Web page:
Julie Van Kleeck, vice president of advanced space and launch programs at Aerojet Rocketdyne Inc said: “The use of additive manufacturing technology reduces the cost to produce components, shortens build times and unleashes engineers to design components that were once impossible to build using traditional manufacturing techniques”. Aerojet Rocketdyne Inc., is using 3D printing to build parts for the Orion spacecraft, which intends to carry a crew of four astronauts to destinations at or beyond low Earth orbit
A Boston based company Desktop Metal, has opened up pre-orders for its Studio System which uses inkjet-like technology, rather than laser-based techniques, to produce precision metal parts.
The printer will be made available later this year, at which point the company hopes to expand with a production version of the machine that offers 3D printing at 100 times the speed and a twentieth of the cost of current systems. It can print pieces in a range of metals, including steels, copper and titanium utilizing commercially available powders.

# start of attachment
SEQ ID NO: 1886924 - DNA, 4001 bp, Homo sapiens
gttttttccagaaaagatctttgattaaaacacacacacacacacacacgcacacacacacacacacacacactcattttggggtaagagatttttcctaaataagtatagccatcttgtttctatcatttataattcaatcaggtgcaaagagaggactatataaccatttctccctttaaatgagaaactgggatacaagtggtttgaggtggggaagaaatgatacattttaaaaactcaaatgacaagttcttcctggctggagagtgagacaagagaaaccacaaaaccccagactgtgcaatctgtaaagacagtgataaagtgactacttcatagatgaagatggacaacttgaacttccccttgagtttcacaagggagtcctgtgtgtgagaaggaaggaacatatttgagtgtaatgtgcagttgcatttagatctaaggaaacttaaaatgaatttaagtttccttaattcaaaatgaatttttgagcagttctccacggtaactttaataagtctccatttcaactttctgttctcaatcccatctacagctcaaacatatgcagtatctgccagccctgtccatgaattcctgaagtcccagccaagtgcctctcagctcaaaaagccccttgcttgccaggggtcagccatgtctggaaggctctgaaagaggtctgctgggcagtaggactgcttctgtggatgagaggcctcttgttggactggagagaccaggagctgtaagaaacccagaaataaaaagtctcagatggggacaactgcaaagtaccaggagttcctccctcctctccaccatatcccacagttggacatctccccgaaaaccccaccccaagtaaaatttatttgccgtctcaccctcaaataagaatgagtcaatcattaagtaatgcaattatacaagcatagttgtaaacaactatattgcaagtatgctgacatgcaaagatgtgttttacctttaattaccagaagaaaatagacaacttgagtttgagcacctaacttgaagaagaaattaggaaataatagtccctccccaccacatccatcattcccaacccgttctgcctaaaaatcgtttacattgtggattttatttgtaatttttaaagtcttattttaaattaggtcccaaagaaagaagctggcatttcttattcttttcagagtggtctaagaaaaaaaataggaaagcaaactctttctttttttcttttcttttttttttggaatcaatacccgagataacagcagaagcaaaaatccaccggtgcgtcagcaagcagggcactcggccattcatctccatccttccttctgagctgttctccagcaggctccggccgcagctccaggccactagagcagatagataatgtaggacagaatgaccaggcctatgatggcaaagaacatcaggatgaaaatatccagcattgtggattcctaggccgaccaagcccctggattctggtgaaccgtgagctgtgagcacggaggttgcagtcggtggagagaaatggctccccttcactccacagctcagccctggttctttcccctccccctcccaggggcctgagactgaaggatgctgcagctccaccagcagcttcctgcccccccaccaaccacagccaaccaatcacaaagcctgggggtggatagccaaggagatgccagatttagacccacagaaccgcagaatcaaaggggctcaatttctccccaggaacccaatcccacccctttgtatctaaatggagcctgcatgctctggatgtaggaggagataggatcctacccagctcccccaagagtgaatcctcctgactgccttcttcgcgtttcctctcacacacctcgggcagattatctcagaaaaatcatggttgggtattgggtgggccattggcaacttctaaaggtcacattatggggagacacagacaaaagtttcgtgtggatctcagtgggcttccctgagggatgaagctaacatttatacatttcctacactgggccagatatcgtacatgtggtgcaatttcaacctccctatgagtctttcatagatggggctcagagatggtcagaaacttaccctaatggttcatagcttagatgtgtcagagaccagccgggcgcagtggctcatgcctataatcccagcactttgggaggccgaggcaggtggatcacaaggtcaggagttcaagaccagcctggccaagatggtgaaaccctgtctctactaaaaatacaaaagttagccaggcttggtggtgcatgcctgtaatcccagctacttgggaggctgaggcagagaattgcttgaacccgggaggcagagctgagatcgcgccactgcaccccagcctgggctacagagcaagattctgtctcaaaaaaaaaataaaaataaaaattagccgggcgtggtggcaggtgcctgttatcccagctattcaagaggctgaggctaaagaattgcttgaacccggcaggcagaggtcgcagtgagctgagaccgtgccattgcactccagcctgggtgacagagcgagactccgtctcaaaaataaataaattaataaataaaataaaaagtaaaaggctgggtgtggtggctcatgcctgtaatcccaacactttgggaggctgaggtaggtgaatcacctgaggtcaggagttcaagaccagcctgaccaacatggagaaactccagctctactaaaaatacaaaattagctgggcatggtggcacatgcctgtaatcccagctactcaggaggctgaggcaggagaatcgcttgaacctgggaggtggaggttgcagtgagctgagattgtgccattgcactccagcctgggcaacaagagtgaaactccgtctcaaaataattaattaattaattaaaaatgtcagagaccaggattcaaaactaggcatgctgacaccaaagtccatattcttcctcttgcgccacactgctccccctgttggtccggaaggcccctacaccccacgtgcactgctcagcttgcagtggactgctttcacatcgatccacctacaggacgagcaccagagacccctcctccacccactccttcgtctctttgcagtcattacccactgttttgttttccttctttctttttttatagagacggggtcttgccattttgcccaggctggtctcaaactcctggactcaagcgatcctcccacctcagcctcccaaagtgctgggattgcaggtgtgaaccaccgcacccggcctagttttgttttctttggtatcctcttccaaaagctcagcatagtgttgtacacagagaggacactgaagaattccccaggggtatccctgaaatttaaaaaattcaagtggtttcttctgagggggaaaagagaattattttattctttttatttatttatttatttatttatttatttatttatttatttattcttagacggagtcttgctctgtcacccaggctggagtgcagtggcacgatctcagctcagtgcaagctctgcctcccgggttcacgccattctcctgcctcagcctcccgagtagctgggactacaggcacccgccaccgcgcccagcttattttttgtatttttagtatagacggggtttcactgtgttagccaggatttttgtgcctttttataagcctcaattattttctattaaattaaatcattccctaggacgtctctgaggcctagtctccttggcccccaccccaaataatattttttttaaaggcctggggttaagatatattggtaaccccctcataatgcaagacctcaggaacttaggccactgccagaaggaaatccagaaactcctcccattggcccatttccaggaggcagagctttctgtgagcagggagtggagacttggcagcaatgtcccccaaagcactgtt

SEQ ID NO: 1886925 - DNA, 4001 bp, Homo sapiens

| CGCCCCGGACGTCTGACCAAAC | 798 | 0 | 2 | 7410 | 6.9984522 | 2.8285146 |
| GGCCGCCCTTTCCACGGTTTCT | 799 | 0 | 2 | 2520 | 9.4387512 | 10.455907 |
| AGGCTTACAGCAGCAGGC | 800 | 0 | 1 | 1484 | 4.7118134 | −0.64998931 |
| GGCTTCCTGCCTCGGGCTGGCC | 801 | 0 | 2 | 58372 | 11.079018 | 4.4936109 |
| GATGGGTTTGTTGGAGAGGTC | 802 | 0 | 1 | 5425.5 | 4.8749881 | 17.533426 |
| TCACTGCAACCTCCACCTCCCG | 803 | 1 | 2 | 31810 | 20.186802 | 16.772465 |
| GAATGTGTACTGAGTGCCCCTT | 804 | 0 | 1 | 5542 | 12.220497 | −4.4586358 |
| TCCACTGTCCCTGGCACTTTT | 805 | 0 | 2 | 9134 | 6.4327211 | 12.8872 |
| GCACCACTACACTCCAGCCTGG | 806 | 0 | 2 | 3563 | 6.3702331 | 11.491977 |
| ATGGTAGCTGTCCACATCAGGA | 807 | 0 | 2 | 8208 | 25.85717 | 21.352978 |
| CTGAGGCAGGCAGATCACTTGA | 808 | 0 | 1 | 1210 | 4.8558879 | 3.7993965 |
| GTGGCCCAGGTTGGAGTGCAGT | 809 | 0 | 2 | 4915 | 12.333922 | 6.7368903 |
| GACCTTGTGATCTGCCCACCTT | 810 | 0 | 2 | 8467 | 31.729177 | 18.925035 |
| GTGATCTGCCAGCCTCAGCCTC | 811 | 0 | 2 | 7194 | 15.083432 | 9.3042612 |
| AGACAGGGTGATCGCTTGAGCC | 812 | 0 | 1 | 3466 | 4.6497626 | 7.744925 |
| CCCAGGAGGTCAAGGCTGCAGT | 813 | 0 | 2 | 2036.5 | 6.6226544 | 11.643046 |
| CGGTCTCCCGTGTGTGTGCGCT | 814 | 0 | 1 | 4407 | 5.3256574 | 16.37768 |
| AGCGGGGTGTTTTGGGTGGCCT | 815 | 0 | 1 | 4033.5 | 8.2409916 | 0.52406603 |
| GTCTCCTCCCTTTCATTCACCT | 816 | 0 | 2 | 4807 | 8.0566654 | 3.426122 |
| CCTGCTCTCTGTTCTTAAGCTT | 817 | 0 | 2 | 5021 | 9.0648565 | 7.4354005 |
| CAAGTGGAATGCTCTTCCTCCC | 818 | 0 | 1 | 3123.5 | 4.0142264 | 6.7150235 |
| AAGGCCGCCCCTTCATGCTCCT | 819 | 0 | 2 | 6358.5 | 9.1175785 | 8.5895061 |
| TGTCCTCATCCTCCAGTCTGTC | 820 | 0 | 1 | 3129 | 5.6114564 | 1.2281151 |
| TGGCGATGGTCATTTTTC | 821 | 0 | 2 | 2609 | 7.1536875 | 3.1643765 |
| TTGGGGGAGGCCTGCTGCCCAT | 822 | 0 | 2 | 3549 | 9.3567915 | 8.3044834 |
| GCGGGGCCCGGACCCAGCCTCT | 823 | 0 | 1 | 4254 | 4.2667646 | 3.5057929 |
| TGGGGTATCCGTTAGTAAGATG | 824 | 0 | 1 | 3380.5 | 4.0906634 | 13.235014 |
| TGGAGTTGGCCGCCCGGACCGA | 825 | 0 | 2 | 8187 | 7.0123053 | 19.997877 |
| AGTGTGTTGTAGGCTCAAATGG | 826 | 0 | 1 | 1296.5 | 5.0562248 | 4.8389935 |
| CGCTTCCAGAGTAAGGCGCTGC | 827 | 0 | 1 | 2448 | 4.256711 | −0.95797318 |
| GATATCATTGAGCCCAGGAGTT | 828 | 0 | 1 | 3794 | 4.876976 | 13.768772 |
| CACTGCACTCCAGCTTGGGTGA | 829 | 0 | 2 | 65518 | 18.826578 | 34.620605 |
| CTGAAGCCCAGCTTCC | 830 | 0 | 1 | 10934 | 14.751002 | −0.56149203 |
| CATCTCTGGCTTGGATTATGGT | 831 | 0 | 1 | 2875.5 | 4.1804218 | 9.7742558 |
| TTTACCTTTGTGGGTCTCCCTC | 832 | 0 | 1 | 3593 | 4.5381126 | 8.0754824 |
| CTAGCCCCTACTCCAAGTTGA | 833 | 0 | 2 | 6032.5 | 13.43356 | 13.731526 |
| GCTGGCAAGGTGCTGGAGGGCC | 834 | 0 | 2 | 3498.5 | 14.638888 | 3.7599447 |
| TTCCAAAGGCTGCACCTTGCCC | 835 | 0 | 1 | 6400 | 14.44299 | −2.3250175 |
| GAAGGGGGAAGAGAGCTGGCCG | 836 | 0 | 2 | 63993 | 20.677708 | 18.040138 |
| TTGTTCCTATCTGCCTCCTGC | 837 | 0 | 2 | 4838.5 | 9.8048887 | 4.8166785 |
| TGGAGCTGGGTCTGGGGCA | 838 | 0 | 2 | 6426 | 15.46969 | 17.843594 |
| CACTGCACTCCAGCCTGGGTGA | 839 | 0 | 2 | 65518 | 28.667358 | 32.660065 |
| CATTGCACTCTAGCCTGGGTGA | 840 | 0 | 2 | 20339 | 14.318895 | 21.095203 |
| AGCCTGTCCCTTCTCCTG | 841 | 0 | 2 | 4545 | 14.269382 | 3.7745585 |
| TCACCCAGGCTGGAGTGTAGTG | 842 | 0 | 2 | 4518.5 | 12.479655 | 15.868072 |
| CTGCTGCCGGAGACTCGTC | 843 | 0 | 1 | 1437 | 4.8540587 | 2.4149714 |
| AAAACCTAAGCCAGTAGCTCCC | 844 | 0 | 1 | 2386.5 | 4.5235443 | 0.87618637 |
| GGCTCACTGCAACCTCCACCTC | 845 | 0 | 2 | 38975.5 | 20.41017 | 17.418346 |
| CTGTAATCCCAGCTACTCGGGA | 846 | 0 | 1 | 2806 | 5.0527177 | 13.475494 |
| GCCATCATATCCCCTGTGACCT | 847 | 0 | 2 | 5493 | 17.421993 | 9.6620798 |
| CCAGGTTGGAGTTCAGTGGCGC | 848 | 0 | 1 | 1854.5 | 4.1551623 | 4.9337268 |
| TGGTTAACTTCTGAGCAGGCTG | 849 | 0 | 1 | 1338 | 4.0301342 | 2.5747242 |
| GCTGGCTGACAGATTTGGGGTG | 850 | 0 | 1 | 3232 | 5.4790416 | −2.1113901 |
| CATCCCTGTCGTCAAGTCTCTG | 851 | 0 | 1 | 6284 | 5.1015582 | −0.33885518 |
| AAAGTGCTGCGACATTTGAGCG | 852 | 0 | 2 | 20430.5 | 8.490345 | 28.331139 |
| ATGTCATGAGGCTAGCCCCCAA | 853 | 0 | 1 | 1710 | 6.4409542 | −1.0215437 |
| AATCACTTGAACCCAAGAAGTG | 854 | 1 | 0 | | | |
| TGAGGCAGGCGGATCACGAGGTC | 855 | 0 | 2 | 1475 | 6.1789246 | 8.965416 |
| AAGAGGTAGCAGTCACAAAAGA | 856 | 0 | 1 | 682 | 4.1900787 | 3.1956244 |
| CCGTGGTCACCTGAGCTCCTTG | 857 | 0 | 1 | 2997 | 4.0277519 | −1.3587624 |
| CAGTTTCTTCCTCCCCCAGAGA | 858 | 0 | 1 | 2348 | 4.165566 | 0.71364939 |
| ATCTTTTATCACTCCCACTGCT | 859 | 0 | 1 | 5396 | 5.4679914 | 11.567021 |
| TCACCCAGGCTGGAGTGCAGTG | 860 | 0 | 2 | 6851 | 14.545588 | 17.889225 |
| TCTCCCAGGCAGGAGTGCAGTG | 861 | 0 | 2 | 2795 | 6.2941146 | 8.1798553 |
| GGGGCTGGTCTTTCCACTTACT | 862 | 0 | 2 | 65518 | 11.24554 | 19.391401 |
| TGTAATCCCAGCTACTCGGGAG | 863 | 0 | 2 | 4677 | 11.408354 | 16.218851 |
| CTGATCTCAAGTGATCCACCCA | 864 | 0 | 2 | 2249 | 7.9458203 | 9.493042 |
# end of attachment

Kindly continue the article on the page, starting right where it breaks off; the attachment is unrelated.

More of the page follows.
The most common types of 3D metal printing out there
Selective laser melting (powder bed based)
SLM uses lasers to melt and recombine powders. It’s fantastic for rearranging alloys.
Selective Laser Sintering (powder bed based)
SLS, while mostly used for plastics, can also be used for certain types of metals. SLS and SLM are among the most common means by which metals are 3D printed, also known as Direct Metal Laser Sintering (DMLS) and Direct Metal Laser Melting (DMLM).
Robocasting is used to make ceramic models or thin layer inks. The thin nozzle allows for a very precise course of action with intricate designs being woven by the printer.
Cold-Spray Metal Printing
This is one of the fastest ways to 3D print metal. Particles are shot at a surface to build up a physical object. It was originally used by NASA to build metal objects in space.
Binder Jetting and Inkjet 3D Printing
Originally developed in MIT, this metal 3D printing method uses powders just like in SLS, but instead of laser technology it makes use of binding agents. The process is carried out layer by layer till it produces a 3D model. This type of printing leaves a lot of powder residue after processing, but fortunately it can be reused.
This method uses a metallic ink that is sprayed down and magnetised to produce very quick and elaborate different shapes. It is being used by Lockheed-Martin in aeronautics.